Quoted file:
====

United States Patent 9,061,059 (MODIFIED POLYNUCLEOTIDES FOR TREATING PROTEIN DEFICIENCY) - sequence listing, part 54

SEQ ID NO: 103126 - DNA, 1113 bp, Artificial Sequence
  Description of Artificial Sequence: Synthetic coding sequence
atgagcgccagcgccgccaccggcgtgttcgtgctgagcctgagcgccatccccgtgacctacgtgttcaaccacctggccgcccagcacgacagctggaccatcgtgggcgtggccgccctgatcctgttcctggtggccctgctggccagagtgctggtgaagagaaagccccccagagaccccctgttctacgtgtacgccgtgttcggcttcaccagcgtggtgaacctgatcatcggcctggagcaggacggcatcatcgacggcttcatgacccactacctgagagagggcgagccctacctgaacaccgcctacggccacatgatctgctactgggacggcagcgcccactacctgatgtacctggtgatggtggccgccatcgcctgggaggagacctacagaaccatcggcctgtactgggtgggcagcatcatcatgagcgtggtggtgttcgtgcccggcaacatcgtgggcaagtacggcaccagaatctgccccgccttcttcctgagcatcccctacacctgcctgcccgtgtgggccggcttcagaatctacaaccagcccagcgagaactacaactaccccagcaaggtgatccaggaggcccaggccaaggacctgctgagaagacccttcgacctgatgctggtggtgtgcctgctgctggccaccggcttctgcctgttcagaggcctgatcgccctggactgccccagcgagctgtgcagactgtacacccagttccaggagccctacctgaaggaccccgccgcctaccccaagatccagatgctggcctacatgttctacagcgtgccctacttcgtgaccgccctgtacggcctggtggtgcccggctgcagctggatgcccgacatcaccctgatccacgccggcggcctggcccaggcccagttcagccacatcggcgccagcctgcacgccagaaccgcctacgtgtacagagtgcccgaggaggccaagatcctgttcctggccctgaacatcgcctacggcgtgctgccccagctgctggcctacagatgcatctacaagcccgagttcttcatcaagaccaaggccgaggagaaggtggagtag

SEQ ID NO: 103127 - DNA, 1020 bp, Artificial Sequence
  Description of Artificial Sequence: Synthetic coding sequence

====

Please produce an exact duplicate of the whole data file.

United States Patent 9,061,059 (MODIFIED POLYNUCLEOTIDES FOR TREATING PROTEIN DEFICIENCY) - sequence listing, part 54

SEQ ID NO: 103126 - DNA, 1113 bp, Artificial Sequence
  Description of Artificial Sequence: Synthetic coding sequence
atgagcgccagcgccgccaccggcgtgttcgtgctgagcctgagcgccatccccgtgacctacgtgttcaaccacctggccgcccagcacgacagctggaccatcgtgggcgtggccgccctgatcctgttcctggtggccctgctggccagagtgctggtgaagagaaagccccccagagaccccctgttctacgtgtacgccgtgttcggcttcaccagcgtggtgaacctgatcatcggcctggagcaggacggcatcatcgacggcttcatgacccactacctgagagagggcgagccctacctgaacaccgcctacggccacatgatctgctactgggacggcagcgcccactacctgatgtacctggtgatggtggccgccatcgcctgggaggagacctacagaaccatcggcctgtactgggtgggcagcatcatcatgagcgtggtggtgttcgtgcccggcaacatcgtgggcaagtacggcaccagaatctgccccgccttcttcctgagcatcccctacacctgcctgcccgtgtgggccggcttcagaatctacaaccagcccagcgagaactacaactaccccagcaaggtgatccaggaggcccaggccaaggacctgctgagaagacccttcgacctgatgctggtggtgtgcctgctgctggccaccggcttctgcctgttcagaggcctgatcgccctggactgccccagcgagctgtgcagactgtacacccagttccaggagccctacctgaaggaccccgccgcctaccccaagatccagatgctggcctacatgttctacagcgtgccctacttcgtgaccgccctgtacggcctggtggtgcccggctgcagctggatgcccgacatcaccctgatccacgccggcggcctggcccaggcccagttcagccacatcggcgccagcctgcacgccagaaccgcctacgtgtacagagtgcccgaggaggccaagatcctgttcctggccctgaacatcgcctacggcgtgctgccccagctgctggcctacagatgcatctacaagcccgagttcttcatcaagaccaaggccgaggagaaggtggagtag

SEQ ID NO: 103127 - DNA, 1020 bp, Artificial Sequence
  Description of Artificial Sequence: Synthetic coding sequence